But let’s not wait for policy changes – we need to reduce emissions, increase the amount of CO2 our buildings are storing, and improve energy efficiency urgently. Wood is the only material sufficiently abundant and renewable to do the job.


1Skarbek, A Malos, A, 2021, The Morrison government is set to finally announce a 2050 net-zero commitment. Here’s a ‘to do’ list for each sector, The conversation.

2Moore et al 2021, Better building standards are good for the climate, your health, and your wallet. Here’s what the National Construction Code could do better, The Conversation.

3Bently, R Baker, E, 2020, Mould and damp health costs are about 3 times those of sugary drinks. We need a healthy housing agenda, The Conversation.

4ArchitectureAU Editorial, 2021, Mass timber office building designed to be Tasmania’s greenest, Architecture Media.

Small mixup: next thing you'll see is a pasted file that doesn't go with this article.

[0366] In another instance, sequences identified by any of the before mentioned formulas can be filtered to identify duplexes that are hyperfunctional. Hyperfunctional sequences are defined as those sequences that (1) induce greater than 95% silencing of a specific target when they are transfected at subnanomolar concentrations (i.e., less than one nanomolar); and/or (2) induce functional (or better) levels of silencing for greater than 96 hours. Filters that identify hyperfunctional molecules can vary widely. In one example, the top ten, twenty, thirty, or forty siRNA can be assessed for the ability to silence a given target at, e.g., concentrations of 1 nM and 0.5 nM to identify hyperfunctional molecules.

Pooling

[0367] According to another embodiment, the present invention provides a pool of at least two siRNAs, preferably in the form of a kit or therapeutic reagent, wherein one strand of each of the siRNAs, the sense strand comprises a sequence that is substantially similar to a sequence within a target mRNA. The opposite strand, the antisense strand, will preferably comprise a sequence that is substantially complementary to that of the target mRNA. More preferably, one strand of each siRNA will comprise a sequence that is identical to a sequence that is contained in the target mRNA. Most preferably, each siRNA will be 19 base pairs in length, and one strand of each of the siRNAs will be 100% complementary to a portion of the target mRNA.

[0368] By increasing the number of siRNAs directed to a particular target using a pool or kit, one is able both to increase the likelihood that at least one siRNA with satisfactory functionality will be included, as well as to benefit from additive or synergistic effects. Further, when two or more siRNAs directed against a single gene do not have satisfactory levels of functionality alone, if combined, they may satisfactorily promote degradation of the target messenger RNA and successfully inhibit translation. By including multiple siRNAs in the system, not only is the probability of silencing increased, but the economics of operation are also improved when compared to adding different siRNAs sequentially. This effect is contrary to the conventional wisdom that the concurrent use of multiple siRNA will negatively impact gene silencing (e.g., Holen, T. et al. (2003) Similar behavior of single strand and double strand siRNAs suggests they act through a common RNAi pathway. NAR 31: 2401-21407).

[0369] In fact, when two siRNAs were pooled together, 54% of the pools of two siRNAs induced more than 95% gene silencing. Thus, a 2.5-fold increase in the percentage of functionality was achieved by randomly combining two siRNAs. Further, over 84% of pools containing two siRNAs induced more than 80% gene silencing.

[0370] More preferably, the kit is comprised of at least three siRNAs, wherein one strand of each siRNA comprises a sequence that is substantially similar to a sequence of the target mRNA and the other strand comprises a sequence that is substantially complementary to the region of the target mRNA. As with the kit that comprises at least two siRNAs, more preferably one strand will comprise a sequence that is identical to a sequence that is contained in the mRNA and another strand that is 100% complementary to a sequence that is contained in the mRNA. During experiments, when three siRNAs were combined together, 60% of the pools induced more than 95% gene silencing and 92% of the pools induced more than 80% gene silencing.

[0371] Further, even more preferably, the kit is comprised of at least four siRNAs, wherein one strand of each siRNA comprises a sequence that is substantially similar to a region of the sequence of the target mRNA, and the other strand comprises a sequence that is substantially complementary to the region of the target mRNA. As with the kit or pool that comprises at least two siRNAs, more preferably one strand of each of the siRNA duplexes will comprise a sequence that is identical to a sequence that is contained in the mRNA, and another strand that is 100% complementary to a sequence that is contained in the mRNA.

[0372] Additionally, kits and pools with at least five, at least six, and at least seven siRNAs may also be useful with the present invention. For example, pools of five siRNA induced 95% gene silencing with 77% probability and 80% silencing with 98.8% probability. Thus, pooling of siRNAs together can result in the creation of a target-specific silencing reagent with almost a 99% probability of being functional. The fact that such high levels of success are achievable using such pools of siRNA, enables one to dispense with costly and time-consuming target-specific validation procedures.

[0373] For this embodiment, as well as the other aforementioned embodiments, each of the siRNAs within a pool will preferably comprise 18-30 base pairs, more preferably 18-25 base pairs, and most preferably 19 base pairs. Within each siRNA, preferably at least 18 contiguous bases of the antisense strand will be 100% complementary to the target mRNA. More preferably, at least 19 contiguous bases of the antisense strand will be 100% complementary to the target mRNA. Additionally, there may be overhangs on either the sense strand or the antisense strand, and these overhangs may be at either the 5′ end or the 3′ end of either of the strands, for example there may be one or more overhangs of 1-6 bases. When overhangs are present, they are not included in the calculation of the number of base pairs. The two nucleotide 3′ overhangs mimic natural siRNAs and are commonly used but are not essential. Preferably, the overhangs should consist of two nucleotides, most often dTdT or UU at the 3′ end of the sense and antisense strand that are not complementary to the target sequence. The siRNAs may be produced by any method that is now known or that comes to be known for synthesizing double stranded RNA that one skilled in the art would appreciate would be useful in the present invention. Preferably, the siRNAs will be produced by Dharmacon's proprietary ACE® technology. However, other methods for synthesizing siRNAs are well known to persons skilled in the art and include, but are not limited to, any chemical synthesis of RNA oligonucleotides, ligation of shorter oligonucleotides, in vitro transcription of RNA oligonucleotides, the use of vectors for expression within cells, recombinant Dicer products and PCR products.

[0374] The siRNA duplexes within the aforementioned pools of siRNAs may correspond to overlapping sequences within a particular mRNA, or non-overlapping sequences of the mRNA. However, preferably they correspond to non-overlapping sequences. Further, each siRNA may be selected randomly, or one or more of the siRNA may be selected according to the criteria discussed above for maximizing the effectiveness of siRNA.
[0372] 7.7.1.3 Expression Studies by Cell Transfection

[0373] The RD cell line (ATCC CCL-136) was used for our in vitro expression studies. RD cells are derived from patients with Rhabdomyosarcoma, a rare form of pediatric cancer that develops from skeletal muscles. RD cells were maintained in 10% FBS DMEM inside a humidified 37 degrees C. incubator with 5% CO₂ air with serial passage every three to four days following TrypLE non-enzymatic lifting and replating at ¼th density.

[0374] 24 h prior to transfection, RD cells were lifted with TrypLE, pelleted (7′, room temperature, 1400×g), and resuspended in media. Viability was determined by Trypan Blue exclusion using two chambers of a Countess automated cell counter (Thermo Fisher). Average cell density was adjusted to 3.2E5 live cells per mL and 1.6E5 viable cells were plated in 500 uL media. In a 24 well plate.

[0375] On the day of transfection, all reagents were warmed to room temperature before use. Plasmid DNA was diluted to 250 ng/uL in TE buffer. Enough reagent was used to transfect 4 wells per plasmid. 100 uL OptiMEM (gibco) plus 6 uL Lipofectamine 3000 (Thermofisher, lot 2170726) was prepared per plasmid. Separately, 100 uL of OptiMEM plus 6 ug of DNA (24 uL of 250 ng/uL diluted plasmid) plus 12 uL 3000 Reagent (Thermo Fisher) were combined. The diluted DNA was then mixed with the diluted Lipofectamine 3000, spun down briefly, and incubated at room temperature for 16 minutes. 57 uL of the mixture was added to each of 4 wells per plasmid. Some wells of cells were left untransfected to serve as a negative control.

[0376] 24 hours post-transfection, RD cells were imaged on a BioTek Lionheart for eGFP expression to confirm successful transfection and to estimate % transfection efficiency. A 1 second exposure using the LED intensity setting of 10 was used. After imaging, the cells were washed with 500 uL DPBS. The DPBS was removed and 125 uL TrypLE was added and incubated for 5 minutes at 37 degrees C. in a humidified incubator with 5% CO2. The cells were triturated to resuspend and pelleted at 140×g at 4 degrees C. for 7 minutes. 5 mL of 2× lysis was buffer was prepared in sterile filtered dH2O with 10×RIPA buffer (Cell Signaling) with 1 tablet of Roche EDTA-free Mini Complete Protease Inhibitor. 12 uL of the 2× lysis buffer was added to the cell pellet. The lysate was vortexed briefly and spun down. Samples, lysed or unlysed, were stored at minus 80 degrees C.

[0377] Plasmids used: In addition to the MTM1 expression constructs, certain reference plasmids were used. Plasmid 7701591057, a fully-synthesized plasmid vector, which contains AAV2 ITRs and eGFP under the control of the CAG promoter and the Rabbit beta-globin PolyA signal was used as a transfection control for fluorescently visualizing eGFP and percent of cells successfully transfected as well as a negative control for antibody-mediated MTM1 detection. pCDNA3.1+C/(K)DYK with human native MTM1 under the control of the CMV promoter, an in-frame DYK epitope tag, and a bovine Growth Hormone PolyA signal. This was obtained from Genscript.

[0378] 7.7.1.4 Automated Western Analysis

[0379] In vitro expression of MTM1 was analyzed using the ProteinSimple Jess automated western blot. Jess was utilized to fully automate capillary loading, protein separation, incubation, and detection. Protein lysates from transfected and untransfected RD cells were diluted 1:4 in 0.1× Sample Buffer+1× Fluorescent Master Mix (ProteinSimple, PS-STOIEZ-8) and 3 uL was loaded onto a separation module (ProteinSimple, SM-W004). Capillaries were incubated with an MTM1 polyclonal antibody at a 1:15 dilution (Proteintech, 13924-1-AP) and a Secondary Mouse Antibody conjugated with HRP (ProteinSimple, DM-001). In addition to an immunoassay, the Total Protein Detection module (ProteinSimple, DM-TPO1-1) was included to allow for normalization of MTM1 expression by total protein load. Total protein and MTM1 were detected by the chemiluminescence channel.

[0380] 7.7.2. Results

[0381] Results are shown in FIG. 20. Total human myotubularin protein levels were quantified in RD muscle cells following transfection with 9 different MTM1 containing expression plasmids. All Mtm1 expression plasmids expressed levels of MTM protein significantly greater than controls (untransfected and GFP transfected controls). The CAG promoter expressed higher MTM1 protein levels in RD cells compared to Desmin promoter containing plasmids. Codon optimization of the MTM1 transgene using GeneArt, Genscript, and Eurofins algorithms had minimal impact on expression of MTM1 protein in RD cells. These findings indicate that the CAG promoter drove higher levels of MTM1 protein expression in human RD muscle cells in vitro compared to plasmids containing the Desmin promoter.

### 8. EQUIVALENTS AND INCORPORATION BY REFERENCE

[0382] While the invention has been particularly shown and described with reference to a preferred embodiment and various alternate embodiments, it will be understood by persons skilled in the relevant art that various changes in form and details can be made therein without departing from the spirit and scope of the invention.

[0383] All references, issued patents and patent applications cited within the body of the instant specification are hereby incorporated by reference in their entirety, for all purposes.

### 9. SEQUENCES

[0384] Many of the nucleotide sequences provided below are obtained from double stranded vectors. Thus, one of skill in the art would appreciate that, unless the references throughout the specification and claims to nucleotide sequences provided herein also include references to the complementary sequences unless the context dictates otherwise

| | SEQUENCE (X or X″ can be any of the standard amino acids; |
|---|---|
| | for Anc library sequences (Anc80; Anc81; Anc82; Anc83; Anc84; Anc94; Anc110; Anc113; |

5Puettmann et al, 2019, Life Cycle Energy and Environmental Impacts of Cross Laminated Timber Made with Coustal Douglas-fir, Journal of Green Building.

6Pierobon et al, 2019, Environmental benefits of using hybrid CLT structure midrise non-residential construction: An LCA based comparatives case study in the US Pacific Northwest, Journal of Building Engineering.

7 Howden, M 2020, Australia’s refusal to sign a global methane pledge exposes flaws in the term ‘net-zero’, The Conversation.

8Whiting, K 2020, An expert explains: How to turn industrial carbon emissions into building materials, The Mandarin.